Common Rule 2019
The revised Federal Policy for the Protection of Human Subjects (45 CFR 46 Subpart A) known as the Common Rule has been adopted by HHS and 15 Federal Agencies. The compliance date was January 21, 2019. More background information can be found in the Federal Register along with the information on the transition provision and implementation timelines.
In many cases, the Common Rule changes did not impact your ongoing research. In addition, the FDA has not yet agreed to the New Common Rule; therefore, changes outlined here will not be applicable to FDA regulated studies until we hear otherwise.
The Stanford IRB made changes to relevant policies and procedures in accordance with the New Common Rule:
- Revised Definitions: Research and Human Subjects
- Informed Consent
- Changes in IRB Review
Presentations on the revised Common Rule:
- The Revised Common Rule for Human Subjects Protections 3/27/19 CROP presentation
- New General Requirements for Informed Consent
- New Consent Element - future use of Information and Specimens
- Waiver or Alterantion of Consent & Waiver of Documentation
Research: The revised Common Rule adds a provision that identifies four types of activities as not being "research" as defined in the Rule:
- Certain scholarly and journalistic activities,
- Certain public health surveillance activities,
- Collection and analysis of information, specimens, or records, by or for a criminal justice agency for certain criminal justice or investigative purposes, and
- Certain authorized operational activities for national security purposes
45CFR46.102(l): Research means a systematic investigation, including research development, testing, and evaluation, designed to develop or contribute to generalizable knowledge.
Human Subject: The regulatory definition of human subject remains substantively the same but in the revised Common Rule "data" is replaced with "information or biospecimens" for clarity.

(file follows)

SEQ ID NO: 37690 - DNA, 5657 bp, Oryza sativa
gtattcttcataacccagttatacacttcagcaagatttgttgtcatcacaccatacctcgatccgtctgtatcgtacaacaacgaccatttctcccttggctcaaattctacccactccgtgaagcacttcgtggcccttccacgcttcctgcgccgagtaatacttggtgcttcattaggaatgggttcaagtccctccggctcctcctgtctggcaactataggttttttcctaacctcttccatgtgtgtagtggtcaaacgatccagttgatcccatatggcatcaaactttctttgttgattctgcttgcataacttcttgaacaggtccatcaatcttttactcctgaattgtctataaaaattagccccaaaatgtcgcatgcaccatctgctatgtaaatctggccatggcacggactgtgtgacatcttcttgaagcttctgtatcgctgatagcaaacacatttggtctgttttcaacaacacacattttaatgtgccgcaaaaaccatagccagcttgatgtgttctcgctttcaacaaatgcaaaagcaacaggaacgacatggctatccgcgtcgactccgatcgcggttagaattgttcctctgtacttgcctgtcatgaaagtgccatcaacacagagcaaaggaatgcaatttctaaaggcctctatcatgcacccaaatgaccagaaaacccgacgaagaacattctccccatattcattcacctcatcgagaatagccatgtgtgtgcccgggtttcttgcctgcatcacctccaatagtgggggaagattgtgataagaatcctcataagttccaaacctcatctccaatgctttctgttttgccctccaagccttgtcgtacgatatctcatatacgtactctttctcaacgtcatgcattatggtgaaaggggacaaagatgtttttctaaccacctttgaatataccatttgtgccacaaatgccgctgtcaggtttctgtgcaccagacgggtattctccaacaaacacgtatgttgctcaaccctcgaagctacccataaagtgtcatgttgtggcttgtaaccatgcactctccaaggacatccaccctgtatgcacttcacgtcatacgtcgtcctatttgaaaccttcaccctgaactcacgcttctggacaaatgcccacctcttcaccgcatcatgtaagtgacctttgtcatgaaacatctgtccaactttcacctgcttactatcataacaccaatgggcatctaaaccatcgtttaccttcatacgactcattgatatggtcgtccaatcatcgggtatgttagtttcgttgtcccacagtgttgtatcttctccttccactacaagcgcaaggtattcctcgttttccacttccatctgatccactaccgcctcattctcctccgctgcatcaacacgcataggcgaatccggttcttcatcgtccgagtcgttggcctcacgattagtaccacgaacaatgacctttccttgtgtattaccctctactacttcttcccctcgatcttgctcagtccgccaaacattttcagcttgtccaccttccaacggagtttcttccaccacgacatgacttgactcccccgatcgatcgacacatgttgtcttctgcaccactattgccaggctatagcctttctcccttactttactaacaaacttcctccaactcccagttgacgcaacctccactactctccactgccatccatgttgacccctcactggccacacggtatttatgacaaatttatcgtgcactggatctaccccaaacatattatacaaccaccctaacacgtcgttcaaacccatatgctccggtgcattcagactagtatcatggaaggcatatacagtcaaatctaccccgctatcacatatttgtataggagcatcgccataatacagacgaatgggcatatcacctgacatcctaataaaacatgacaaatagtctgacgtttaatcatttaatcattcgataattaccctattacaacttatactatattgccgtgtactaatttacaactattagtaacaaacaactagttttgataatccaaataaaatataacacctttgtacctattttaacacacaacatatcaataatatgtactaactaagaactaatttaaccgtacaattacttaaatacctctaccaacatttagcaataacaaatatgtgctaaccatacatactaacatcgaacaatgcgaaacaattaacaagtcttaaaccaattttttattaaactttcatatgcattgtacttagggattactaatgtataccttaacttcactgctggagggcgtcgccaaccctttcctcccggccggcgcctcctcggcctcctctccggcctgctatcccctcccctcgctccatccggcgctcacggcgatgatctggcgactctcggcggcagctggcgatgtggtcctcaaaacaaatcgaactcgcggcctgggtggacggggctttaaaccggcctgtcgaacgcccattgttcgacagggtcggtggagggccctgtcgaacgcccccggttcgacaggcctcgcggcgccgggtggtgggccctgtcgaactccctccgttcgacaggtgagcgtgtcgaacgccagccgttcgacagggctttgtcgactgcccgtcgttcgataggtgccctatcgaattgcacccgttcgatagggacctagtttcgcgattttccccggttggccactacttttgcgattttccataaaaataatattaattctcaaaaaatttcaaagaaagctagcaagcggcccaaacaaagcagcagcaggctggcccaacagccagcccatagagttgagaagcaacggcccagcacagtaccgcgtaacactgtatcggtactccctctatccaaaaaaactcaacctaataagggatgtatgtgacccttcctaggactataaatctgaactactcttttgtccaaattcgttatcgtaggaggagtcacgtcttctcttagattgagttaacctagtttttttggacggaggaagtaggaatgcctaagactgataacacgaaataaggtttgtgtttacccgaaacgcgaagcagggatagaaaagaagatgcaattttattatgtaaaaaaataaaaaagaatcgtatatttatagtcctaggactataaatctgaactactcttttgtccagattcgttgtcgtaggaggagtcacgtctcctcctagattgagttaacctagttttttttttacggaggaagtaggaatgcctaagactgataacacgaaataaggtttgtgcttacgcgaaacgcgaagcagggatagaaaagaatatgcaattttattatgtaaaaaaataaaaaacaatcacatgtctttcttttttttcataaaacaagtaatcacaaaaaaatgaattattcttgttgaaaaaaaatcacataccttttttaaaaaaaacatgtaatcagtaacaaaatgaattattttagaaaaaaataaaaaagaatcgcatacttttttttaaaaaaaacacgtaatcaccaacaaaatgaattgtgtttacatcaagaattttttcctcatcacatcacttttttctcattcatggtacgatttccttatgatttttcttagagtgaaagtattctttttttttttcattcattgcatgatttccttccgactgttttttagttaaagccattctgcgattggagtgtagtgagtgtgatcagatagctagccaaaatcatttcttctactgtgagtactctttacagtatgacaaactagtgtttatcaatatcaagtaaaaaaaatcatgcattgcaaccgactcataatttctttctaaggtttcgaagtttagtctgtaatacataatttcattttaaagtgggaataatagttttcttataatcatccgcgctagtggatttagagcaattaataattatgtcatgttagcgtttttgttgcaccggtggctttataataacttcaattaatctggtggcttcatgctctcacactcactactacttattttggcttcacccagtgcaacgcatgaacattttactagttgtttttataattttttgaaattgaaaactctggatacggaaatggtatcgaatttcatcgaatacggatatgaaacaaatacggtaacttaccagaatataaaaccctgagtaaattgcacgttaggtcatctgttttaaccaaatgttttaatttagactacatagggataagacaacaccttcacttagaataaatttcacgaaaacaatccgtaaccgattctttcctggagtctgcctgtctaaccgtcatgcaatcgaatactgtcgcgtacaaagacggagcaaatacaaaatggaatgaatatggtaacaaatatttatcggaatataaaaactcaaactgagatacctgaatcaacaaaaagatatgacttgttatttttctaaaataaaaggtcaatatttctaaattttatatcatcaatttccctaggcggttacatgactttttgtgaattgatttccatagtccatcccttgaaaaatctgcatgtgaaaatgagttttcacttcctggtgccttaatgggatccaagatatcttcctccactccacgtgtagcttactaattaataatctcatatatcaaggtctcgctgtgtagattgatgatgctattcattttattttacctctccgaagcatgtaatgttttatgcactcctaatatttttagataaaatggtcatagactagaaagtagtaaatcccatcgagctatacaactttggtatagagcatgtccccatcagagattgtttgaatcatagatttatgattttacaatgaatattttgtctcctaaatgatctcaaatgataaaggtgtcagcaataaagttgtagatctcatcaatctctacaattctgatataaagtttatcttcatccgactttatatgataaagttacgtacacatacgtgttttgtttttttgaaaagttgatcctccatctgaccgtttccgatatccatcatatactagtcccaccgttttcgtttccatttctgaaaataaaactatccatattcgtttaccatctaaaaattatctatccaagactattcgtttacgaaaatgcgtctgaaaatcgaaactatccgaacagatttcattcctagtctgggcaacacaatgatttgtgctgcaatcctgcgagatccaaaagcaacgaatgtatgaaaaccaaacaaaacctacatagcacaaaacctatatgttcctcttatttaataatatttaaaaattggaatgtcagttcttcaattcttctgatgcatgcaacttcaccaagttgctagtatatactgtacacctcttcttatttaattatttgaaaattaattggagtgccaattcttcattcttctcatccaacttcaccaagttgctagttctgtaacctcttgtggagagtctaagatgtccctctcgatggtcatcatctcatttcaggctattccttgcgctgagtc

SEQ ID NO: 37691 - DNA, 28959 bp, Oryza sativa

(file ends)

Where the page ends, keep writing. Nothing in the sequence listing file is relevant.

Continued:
45CFR46.102(l): Human subject means a living individual about whom an investigator (whether professional or student) conducting research: (i) Obtains information or biospecimens through intervention or interaction with the individual, and, uses, studies, or analyzes the information or biospecimens; or (ii) Obtains, uses, studies, analyzes, or generates identifiable private information or identifiable biospecimens.
New General Requirements
The general requirements for informed consent have been changed to provide key information and promote autonomy by ensuring prospective subjects receive the information needed to make an informed decision.
Changes to the informed consent general requirements include:
- informed consent must give prospective subjects the information that a reasonable person would want to have in order to make an informed decision
- information must be presented in a way that facilitates an understanding of why one might, or might not, want to participate
- the informed consent form should not simply list isolated facts, but instead should help people process complicated information
- key information such as the study's purpose, risks, benefits, and alternatives, must be provided at the beginning of the consent form
Use the bulleted list below to draft your key information as a concise summary, and insert that language into the beginning of the consent, just before the “Purpose of the Research” section:
- The fact that consent is being sought for research and that participation is voluntary;
- The purpose(s) of the research, expected duration of the subject's participation, and the procedures to be followed in the research;
- Reasonably foreseeable risks or discomforts;
- Benefits to subjects or others that may be reasonably expected from the research; and
- Appropriate alternative procedures or courses of treatment, if any, that might be advantageous to the prospective subject.
Other topics to consider:
- Most important reason why a participant would and would not want to participate.